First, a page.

STANFORD, California — Speaking thousands of miles from where scandal still consumes Virginia, Dr. Vanessa Tyson spoke publicly about rape and sexual misconduct – defending the dignity of victims and alluding to her accusations of sexual assault against Lt. Gov. Justin Fairfax.

“There is a recurring theme of at least, when women come forward, of this deliberate attempt to undermine that person’s credibility,” Tyson said at a panel discussion at Stanford University. “Perhaps we have to reshape how we understand consent, and how we teach it to society as a whole.”

Justin Fairfax
Virginia Lt. Gov Justin Fairfax looks over a briefing book prior to the start of the senate session at the Capitol in Richmond, Va., Thursday, Feb. 7, 2019. A California woman has accused Fairfax of sexually assaulting her 15 years ago. (AP Photo/Steve Helber)
AP

Tyson spoke as part of a symposium planned months ago, discussing how institutions from colleges to corporations can better support survivors of sexual assault.

The discussion titled, “Betrayal Courage in the Age of #MeToo,” featured Tyson and two other speakers in a small venue within the university.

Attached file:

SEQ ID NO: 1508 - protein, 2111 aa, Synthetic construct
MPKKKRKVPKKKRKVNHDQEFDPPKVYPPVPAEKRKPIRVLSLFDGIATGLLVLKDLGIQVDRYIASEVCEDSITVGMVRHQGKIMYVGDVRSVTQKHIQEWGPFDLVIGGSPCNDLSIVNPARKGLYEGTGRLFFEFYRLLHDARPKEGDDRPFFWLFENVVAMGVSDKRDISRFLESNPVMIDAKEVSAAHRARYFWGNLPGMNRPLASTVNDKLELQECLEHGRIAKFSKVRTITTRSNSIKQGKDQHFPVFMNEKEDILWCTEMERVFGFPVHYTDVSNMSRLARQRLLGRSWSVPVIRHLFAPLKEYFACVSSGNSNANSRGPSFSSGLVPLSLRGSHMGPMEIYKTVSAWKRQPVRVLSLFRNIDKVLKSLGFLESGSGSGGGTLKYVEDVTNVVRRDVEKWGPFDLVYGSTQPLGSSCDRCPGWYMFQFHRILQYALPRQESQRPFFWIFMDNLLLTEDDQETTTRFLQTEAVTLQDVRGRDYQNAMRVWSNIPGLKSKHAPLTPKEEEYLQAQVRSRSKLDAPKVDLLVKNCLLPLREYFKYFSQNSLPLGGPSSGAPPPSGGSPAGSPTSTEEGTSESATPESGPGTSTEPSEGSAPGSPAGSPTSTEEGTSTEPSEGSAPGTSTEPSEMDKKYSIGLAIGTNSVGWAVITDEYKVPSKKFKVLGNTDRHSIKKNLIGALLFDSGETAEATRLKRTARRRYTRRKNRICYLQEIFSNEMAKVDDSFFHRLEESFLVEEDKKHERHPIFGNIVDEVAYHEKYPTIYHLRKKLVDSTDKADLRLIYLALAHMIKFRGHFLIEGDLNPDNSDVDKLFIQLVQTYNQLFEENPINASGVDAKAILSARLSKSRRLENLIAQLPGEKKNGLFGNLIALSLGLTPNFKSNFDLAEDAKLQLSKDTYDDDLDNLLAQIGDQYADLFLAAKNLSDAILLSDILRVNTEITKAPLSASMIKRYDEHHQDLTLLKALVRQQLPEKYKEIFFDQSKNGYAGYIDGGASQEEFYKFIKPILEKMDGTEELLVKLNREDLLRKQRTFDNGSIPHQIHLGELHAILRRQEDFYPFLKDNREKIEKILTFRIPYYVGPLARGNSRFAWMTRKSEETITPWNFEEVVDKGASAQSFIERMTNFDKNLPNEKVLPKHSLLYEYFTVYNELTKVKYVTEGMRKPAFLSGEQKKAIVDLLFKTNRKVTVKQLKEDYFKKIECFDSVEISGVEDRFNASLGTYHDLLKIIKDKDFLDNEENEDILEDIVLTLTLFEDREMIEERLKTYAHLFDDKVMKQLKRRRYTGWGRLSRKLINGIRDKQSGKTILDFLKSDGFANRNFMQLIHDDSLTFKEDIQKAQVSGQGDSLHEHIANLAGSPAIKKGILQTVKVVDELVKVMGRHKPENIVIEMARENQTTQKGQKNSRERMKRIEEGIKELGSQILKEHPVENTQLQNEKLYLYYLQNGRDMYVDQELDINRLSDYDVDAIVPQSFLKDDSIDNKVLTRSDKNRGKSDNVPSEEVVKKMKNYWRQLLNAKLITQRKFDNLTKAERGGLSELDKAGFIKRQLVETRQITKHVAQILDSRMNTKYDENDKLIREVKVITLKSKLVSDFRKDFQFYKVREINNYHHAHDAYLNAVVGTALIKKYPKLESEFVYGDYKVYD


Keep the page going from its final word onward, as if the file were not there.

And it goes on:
Tyson briefly struggled to maintain her composure during her opening remarks, and was asked by an audience member whether the #MeToo movement has helped survivors.

“It’s a cognitive liberation of sexual assault survivors,” Tyson said. “The hardest part of this dynamic is you’re made to feel alone. But when survivors begin to compare notes, that’s when the light bulb goes off. This is happening to everybody.”

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Tyson accused Fairfax of sexual assault during the 2004 Democratic National Convention in Boston, allegations which Fairfax has vehemently denied.

Tyson, through her attorney, expressed enthusiasm at the prospect of publicly testifying during a future investigation.